I've been holding back on writing anything here about the spate of reports concerning mass bird die-offs in the United States and around the world. Frankly, this story reeks, to me, of the sort of "unexplained phenomenon" that later turns out—with much less fanfare—to have an extremely mundane explanation. It's making headlines now, but I would be surprised if this is important to anyone within a few months (except a few conspiracy theorists, and the publishers of books about ostensibly unexplained phenomena).
Smithsonian Institution bird curator Gary Graves apparently has a similar perspective. He doesn't think these bird deaths are a sign of anything nefarious—or, at least, nothing more nefarious than local people taking it upon themselves to stress out a large roost of "nuisance" birds until it flies away. There's a head count associated with that kind of thing, he says, and it's not particularly odd to see a few thousand birds die this way. But, with roosts numbering in the millions of birds, that's not a large percentage lost. The only thing different in this case, he says, is that the dead birds landed on lawns, rather than in the wilderness.
But what about multiple bird kills happening in various locations? According to Graves, this is one of those times where the human brain's penchant for pattern-finding has gone a little haywire. Mass bird deaths aren't uncommon. There's a lot of reasons why they happen. Once we're primed to pay attention, we start to see them everywhere. But it doesn't mean those incidents are connected—any more than a double homicide in Arkansas is likely to be connected to a double homicide that happens the same week in Louisiana. We could be seeing a pattern, sure. But the chances aren't real high. Remember the large fish kill that happened in Louisiana last summer? Everybody speculated the oil spill was to blame. In reality, it was a natural occurrence, caused by fish getting trapped in low-oxygen tidal pools.
And, honestly, looking at the reported cases, I'm not sure I even see much of a pattern, at all. Let me explain ...
If you look at the Google map Xeni posted earlier today, you'll see that most of the mass animal deaths marked aren't blackbirds. They aren't even mostly birds*. Here are the bird deaths marked:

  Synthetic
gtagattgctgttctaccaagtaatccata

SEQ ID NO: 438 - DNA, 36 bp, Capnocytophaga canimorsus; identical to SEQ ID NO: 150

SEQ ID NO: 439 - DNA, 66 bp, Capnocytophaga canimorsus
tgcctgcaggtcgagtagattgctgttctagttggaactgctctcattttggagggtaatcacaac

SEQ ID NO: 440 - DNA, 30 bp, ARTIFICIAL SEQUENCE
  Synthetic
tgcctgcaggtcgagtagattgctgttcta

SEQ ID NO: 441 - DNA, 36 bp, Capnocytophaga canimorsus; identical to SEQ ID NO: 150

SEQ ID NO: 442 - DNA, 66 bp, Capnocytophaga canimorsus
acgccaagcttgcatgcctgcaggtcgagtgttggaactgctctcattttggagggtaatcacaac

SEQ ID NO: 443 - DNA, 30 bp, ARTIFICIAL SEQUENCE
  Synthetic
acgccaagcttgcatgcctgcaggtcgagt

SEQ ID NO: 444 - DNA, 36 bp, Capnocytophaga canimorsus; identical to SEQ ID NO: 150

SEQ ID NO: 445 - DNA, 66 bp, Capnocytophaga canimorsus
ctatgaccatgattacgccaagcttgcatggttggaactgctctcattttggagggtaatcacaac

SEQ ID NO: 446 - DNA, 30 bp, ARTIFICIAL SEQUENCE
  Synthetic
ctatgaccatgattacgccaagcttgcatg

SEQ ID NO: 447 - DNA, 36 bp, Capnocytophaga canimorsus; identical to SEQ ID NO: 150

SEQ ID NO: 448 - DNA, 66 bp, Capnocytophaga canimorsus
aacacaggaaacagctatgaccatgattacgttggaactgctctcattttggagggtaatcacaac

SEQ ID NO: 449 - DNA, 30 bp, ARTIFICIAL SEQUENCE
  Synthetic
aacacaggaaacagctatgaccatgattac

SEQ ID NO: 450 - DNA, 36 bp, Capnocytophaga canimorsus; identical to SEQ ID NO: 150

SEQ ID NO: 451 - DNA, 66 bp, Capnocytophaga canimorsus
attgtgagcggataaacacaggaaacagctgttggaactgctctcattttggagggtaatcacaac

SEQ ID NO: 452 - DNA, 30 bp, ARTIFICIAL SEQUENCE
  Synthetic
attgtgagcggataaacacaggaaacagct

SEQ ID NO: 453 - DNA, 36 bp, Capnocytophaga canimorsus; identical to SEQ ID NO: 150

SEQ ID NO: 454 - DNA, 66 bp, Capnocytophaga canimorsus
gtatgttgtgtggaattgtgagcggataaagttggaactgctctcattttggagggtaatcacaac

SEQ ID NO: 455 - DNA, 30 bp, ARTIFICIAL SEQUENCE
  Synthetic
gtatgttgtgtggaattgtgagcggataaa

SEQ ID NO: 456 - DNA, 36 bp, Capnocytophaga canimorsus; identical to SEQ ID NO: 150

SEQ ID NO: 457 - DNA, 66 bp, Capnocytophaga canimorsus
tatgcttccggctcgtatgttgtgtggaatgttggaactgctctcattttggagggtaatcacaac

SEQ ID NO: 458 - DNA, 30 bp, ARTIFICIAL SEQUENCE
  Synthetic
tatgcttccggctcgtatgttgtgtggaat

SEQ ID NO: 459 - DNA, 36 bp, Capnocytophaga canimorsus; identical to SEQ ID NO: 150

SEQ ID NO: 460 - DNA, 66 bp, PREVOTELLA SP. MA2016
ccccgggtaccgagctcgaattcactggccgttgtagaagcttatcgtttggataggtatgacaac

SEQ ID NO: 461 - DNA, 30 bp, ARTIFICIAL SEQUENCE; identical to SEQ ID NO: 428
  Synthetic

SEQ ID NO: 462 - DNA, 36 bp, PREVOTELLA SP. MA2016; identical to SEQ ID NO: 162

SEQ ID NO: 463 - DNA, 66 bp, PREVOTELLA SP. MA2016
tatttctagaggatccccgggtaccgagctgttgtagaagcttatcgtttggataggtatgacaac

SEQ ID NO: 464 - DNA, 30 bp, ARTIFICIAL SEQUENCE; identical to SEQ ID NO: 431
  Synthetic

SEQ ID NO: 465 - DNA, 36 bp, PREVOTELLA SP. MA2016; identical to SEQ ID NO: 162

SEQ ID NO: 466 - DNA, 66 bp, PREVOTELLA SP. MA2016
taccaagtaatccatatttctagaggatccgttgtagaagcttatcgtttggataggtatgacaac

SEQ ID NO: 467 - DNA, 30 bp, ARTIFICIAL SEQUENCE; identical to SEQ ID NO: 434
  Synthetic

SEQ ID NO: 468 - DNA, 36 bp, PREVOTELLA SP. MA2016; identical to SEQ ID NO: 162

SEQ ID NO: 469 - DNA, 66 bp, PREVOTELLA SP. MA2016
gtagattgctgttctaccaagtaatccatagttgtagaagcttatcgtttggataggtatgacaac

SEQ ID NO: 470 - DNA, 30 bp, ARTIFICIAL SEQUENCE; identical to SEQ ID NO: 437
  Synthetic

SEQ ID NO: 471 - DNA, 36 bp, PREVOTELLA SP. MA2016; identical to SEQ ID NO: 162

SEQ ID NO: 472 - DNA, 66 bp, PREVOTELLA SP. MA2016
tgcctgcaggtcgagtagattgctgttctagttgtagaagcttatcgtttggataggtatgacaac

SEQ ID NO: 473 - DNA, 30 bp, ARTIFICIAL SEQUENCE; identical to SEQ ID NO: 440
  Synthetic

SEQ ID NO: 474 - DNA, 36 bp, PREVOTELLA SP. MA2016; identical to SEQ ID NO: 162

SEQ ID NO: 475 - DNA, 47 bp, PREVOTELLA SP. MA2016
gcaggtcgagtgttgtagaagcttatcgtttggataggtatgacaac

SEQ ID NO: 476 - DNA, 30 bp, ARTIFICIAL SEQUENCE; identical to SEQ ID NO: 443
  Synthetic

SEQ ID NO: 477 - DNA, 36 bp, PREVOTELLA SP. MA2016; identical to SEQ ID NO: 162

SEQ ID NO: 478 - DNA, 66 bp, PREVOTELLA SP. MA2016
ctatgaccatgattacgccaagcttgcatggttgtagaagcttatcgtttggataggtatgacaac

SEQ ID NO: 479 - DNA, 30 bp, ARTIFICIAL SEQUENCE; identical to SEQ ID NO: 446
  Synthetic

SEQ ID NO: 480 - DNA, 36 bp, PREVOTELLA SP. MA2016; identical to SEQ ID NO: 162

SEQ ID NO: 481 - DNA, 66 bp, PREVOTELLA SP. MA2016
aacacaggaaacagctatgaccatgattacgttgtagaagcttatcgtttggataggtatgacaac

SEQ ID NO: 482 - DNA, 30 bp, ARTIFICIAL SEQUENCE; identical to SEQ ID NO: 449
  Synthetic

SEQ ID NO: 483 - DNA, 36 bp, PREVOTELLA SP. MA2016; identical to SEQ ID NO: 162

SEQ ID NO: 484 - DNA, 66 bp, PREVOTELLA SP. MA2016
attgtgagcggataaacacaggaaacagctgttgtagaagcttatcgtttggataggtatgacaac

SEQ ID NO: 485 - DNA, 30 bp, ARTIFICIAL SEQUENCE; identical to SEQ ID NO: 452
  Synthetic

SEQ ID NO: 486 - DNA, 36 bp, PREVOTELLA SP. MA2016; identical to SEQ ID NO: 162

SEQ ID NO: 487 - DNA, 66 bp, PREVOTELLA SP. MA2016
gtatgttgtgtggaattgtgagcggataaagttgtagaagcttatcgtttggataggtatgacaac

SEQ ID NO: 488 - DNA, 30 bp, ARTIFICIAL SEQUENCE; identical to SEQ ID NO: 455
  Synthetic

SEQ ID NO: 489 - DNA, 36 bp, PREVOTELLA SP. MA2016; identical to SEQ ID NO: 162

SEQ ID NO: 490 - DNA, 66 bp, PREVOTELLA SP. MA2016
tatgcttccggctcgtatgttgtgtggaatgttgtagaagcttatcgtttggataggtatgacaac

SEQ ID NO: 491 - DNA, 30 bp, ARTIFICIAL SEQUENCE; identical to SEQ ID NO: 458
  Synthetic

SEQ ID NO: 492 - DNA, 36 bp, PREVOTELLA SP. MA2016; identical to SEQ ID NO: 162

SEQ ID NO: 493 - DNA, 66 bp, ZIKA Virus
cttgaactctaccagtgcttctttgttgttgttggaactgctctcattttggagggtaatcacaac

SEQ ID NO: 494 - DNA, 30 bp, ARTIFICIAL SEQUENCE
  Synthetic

&bull:Texas, number of birds not given—just "a large number": Texas Park and Wildlife officials say there are always dead birds on this particular bridge, probably because they get spooked by predators and then fly, in a group, into the path of cars.
&bull:Sweden, 50 to 100 jackdaws: No known cause, but experts think the birds were probably weak from overwintering, and, after being startled by fireworks, flew into traffic. Remember, this is 50 or 100 birds out of a flock that would probably have numbered in the hundreds of thousands.
•Kentucky, "dozens" of dead birds: In this case, nobody saw the dead birds except the woman whose yard they landed in. She cleaned them up and, by her own admission, thought nothing of them until reports about the Arkansas die off scared her.
Then, you have the widely reported cases—5000+ in Arkansas and 500+ in Louisiana. And that's it.
The birds aren't all the same species. Other than the Arkansas case, they aren't dying very high numbers, relative to the likely size of the flocks they came from—and Gary Graves isn't even especially concerned about the size of the Arkansas die-off. One of the cases isn't new, but rather something that happens regularly in the place it was reported. Another was pretty much just anecdotal. This doesn't scare me. And it shouldn't scare you.
Have there been incidents where pollution, manufacturing, warfare, or some other scary human activity has caused a mass die-off of animals? Sure. But just because that has happened, it doesn't mean it's any more likely to be happening now. Or any more unlikely, for that matter. This is what I was talking about a couple of days ago with meta-cognition. You can't just look at what's happened before, compare it to current events, and say, "This MUST be it!"
You have to look at the specific situation. And, in this case, once I'd seen the details, and once I'd read a little about the behavior and size of bird flocks, this stories no longer seemed weird, and they no longer seemed linked. I could be wrong. And you're welcome to be smug if it turns out that I am wrong. But I really don't think we have a budding catastrophe, of any sort, on our hands.
Here's what I've learned from a childhood spent reading Time/Life books about "unexplainable" phenomena: A mystery that's only mysterious if you ignore the details isn't much of a mystery.
*We can get into fish kills some other time. The birds are being played as a big deal right now, so I wanted to address that alone.
Maggie Koerth-Baker is the science editor at BoingBoing.net. She writes a monthly column for The New York Times Magazine and is the author of Before the Lights Go Out, a book about electricity, infrastructure, and the future of energy. You can find Maggie on Twitter and Facebook.